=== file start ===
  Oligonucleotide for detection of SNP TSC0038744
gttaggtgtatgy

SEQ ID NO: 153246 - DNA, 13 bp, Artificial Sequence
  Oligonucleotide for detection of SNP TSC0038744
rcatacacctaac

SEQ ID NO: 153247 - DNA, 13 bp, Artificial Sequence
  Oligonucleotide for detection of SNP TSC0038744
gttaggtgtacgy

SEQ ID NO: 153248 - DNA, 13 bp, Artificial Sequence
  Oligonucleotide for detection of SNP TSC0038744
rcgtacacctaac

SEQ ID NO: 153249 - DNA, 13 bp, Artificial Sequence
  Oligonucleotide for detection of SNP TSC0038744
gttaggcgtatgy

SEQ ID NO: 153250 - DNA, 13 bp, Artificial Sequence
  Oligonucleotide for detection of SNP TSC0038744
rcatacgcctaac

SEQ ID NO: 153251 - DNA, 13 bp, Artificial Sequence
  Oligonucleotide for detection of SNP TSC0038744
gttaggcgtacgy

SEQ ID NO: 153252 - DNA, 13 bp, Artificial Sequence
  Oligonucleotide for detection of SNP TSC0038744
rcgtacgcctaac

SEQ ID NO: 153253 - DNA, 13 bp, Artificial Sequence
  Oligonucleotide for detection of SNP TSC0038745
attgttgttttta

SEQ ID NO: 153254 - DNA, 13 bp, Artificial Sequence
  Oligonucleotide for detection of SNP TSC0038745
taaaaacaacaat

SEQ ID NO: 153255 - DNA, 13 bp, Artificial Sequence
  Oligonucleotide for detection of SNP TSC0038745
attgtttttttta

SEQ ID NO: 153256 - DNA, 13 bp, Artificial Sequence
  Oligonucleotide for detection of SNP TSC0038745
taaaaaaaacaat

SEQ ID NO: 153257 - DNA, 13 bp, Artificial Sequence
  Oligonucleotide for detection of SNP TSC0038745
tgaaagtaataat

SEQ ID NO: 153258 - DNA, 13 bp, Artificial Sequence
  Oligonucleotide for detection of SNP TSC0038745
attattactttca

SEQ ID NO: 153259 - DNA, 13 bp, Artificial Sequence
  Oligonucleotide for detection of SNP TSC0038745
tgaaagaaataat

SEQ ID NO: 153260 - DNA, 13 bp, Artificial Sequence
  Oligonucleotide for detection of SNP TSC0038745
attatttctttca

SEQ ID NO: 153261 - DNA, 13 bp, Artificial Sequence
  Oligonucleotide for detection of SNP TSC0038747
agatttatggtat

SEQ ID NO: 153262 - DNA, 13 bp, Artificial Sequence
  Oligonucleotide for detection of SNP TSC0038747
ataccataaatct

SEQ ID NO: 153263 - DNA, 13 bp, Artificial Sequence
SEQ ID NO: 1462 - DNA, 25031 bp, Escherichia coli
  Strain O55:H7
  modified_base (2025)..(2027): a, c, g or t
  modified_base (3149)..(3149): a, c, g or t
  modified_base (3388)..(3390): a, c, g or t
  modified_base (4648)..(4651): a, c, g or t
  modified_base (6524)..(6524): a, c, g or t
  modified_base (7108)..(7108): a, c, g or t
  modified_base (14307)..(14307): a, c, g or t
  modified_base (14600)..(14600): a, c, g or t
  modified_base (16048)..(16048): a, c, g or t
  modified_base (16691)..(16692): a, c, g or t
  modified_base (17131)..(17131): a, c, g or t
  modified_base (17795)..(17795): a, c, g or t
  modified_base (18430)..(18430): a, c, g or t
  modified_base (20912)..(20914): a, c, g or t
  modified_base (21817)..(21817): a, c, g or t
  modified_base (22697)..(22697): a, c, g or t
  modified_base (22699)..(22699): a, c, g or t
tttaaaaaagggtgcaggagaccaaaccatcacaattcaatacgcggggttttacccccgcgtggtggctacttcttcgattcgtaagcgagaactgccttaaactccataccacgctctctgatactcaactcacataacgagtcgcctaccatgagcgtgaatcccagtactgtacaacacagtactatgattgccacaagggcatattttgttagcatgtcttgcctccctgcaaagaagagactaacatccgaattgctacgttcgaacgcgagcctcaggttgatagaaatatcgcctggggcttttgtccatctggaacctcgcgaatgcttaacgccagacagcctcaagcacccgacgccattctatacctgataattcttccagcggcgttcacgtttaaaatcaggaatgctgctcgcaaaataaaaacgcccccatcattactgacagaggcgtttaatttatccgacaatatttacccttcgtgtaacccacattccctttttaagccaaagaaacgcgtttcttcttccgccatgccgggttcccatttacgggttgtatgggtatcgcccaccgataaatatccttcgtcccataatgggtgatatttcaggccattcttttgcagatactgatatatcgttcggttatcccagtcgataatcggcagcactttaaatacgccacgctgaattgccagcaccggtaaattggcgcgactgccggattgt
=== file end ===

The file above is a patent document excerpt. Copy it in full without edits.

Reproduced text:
  Oligonucleotide for detection of SNP TSC0038744
gttaggtgtatgy

SEQ ID NO: 153246 - DNA, 13 bp, Artificial Sequence
  Oligonucleotide for detection of SNP TSC0038744
rcatacacctaac

SEQ ID NO: 153247 - DNA, 13 bp, Artificial Sequence
  Oligonucleotide for detection of SNP TSC0038744
gttaggtgtacgy

SEQ ID NO: 153248 - DNA, 13 bp, Artificial Sequence
  Oligonucleotide for detection of SNP TSC0038744
rcgtacacctaac

SEQ ID NO: 153249 - DNA, 13 bp, Artificial Sequence
  Oligonucleotide for detection of SNP TSC0038744
gttaggcgtatgy

SEQ ID NO: 153250 - DNA, 13 bp, Artificial Sequence
  Oligonucleotide for detection of SNP TSC0038744
rcatacgcctaac

SEQ ID NO: 153251 - DNA, 13 bp, Artificial Sequence
  Oligonucleotide for detection of SNP TSC0038744
gttaggcgtacgy

SEQ ID NO: 153252 - DNA, 13 bp, Artificial Sequence
  Oligonucleotide for detection of SNP TSC0038744
rcgtacgcctaac

SEQ ID NO: 153253 - DNA, 13 bp, Artificial Sequence
  Oligonucleotide for detection of SNP TSC0038745
attgttgttttta

SEQ ID NO: 153254 - DNA, 13 bp, Artificial Sequence
  Oligonucleotide for detection of SNP TSC0038745
taaaaacaacaat

SEQ ID NO: 153255 - DNA, 13 bp, Artificial Sequence
  Oligonucleotide for detection of SNP TSC0038745
attgtttttttta

SEQ ID NO: 153256 - DNA, 13 bp, Artificial Sequence
  Oligonucleotide for detection of SNP TSC0038745
taaaaaaaacaat

SEQ ID NO: 153257 - DNA, 13 bp, Artificial Sequence
  Oligonucleotide for detection of SNP TSC0038745
tgaaagtaataat

SEQ ID NO: 153258 - DNA, 13 bp, Artificial Sequence
  Oligonucleotide for detection of SNP TSC0038745
attattactttca

SEQ ID NO: 153259 - DNA, 13 bp, Artificial Sequence
  Oligonucleotide for detection of SNP TSC0038745
tgaaagaaataat

SEQ ID NO: 153260 - DNA, 13 bp, Artificial Sequence
  Oligonucleotide for detection of SNP TSC0038745
attatttctttca

SEQ ID NO: 153261 - DNA, 13 bp, Artificial Sequence
  Oligonucleotide for detection of SNP TSC0038747
agatttatggtat

SEQ ID NO: 153262 - DNA, 13 bp, Artificial Sequence
  Oligonucleotide for detection of SNP TSC0038747
ataccataaatct

SEQ ID NO: 153263 - DNA, 13 bp, Artificial Sequence
SEQ ID NO: 1462 - DNA, 25031 bp, Escherichia coli
  Strain O55:H7
  modified_base (2025)..(2027): a, c, g or t
  modified_base (3149)..(3149): a, c, g or t
  modified_base (3388)..(3390): a, c, g or t
  modified_base (4648)..(4651): a, c, g or t
  modified_base (6524)..(6524): a, c, g or t
  modified_base (7108)..(7108): a, c, g or t
  modified_base (14307)..(14307): a, c, g or t
  modified_base (14600)..(14600): a, c, g or t
  modified_base (16048)..(16048): a, c, g or t
  modified_base (16691)..(16692): a, c, g or t
  modified_base (17131)..(17131): a, c, g or t
  modified_base (17795)..(17795): a, c, g or t
  modified_base (18430)..(18430): a, c, g or t
  modified_base (20912)..(20914): a, c, g or t
  modified_base (21817)..(21817): a, c, g or t
  modified_base (22697)..(22697): a, c, g or t
  modified_base (22699)..(22699): a, c, g or t
tttaaaaaagggtgcaggagaccaaaccatcacaattcaatacgcggggttttacccccgcgtggtggctacttcttcgattcgtaagcgagaactgccttaaactccataccacgctctctgatactcaactcacataacgagtcgcctaccatgagcgtgaatcccagtactgtacaacacagtactatgattgccacaagggcatattttgttagcatgtcttgcctccctgcaaagaagagactaacatccgaattgctacgttcgaacgcgagcctcaggttgatagaaatatcgcctggggcttttgtccatctggaacctcgcgaatgcttaacgccagacagcctcaagcacccgacgccattctatacctgataattcttccagcggcgttcacgtttaaaatcaggaatgctgctcgcaaaataaaaacgcccccatcattactgacagaggcgtttaatttatccgacaatatttacccttcgtgtaacccacattccctttttaagccaaagaaacgcgtttcttcttccgccatgccgggttcccatttacgggttgtatgggtatcgcccaccgataaatatccttcgtcccataatgggtgatatttcaggccattcttttgcagatactgatatatcgttcggttatcccagtcgataatcggcagcactttaaatacgccacgctgaattgccagcaccggtaaattggcgcgactgccggattgt